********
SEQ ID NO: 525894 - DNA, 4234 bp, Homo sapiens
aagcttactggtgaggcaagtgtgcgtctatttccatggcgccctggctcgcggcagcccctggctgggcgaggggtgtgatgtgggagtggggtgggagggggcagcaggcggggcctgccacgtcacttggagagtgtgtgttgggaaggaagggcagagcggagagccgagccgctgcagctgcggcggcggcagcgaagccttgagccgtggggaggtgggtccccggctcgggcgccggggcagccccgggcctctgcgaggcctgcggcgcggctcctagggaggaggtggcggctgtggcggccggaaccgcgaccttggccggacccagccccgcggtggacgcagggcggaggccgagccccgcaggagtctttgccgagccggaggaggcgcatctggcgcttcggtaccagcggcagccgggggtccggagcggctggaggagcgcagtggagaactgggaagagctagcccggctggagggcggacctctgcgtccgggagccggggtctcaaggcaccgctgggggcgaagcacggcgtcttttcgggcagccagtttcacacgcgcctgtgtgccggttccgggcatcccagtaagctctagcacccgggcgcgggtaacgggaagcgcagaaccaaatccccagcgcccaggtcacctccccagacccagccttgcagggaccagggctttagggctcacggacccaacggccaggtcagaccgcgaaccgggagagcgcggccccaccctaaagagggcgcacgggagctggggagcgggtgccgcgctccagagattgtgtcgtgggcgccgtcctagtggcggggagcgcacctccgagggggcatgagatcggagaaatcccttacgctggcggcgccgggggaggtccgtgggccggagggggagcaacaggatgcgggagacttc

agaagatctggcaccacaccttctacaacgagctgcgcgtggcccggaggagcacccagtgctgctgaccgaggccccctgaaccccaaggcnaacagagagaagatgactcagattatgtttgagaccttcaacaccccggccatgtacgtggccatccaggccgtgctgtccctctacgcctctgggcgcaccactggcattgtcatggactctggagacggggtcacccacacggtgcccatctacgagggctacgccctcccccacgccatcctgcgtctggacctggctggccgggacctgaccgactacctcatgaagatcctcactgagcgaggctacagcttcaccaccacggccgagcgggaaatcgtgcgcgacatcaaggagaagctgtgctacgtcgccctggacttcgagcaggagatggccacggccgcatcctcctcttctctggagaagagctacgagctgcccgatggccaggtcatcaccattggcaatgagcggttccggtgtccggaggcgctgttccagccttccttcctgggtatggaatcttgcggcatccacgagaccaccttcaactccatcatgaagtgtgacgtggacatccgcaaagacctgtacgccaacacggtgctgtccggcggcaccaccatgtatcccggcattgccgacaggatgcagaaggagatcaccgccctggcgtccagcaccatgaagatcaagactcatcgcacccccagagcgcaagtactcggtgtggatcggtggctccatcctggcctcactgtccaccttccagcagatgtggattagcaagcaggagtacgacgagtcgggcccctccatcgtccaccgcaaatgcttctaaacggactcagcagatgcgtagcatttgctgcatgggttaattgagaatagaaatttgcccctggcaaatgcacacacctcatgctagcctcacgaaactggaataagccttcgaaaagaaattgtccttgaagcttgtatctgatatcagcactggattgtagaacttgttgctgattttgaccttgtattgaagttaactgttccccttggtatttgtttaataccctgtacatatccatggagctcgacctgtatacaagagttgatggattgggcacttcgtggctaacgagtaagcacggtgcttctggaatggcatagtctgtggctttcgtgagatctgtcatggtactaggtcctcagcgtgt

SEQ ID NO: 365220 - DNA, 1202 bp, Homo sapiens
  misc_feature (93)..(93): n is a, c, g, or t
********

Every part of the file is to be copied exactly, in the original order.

SEQ ID NO: 525894 - DNA, 4234 bp, Homo sapiens
aagcttactggtgaggcaagtgtgcgtctatttccatggcgccctggctcgcggcagcccctggctgggcgaggggtgtgatgtgggagtggggtgggagggggcagcaggcggggcctgccacgtcacttggagagtgtgtgttgggaaggaagggcagagcggagagccgagccgctgcagctgcggcggcggcagcgaagccttgagccgtggggaggtgggtccccggctcgggcgccggggcagccccgggcctctgcgaggcctgcggcgcggctcctagggaggaggtggcggctgtggcggccggaaccgcgaccttggccggacccagccccgcggtggacgcagggcggaggccgagccccgcaggagtctttgccgagccggaggaggcgcatctggcgcttcggtaccagcggcagccgggggtccggagcggctggaggagcgcagtggagaactgggaagagctagcccggctggagggcggacctctgcgtccgggagccggggtctcaaggcaccgctgggggcgaagcacggcgtcttttcgggcagccagtttcacacgcgcctgtgtgccggttccgggcatcccagtaagctctagcacccgggcgcgggtaacgggaagcgcagaaccaaatccccagcgcccaggtcacctccccagacccagccttgcagggaccagggctttagggctcacggacccaacggccaggtcagaccgcgaaccgggagagcgcggccccaccctaaagagggcgcacgggagctggggagcgggtgccgcgctccagagattgtgtcgtgggcgccgtcctagtggcggggagcgcacctccgagggggcatgagatcggagaaatcccttacgctggcggcgccgggggaggtccgtgggccggagggggagcaacaggatgcgggagacttc

agaagatctggcaccacaccttctacaacgagctgcgcgtggcccggaggagcacccagtgctgctgaccgaggccccctgaaccccaaggcnaacagagagaagatgactcagattatgtttgagaccttcaacaccccggccatgtacgtggccatccaggccgtgctgtccctctacgcctctgggcgcaccactggcattgtcatggactctggagacggggtcacccacacggtgcccatctacgagggctacgccctcccccacgccatcctgcgtctggacctggctggccgggacctgaccgactacctcatgaagatcctcactgagcgaggctacagcttcaccaccacggccgagcgggaaatcgtgcgcgacatcaaggagaagctgtgctacgtcgccctggacttcgagcaggagatggccacggccgcatcctcctcttctctggagaagagctacgagctgcccgatggccaggtcatcaccattggcaatgagcggttccggtgtccggaggcgctgttccagccttccttcctgggtatggaatcttgcggcatccacgagaccaccttcaactccatcatgaagtgtgacgtggacatccgcaaagacctgtacgccaacacggtgctgtccggcggcaccaccatgtatcccggcattgccgacaggatgcagaaggagatcaccgccctggcgtccagcaccatgaagatcaagactcatcgcacccccagagcgcaagtactcggtgtggatcggtggctccatcctggcctcactgtccaccttccagcagatgtggattagcaagcaggagtacgacgagtcgggcccctccatcgtccaccgcaaatgcttctaaacggactcagcagatgcgtagcatttgctgcatgggttaattgagaatagaaatttgcccctggcaaatgcacacacctcatgctagcctcacgaaactggaataagccttcgaaaagaaattgtccttgaagcttgtatctgatatcagcactggattgtagaacttgttgctgattttgaccttgtattgaagttaactgttccccttggtatttgtttaataccctgtacatatccatggagctcgacctgtatacaagagttgatggattgggcacttcgtggctaacgagtaagcacggtgcttctggaatggcatagtctgtggctttcgtgagatctgtcatggtactaggtcctcagcgtgt

SEQ ID NO: 365220 - DNA, 1202 bp, Homo sapiens
  misc_feature (93)..(93): n is a, c, g, or t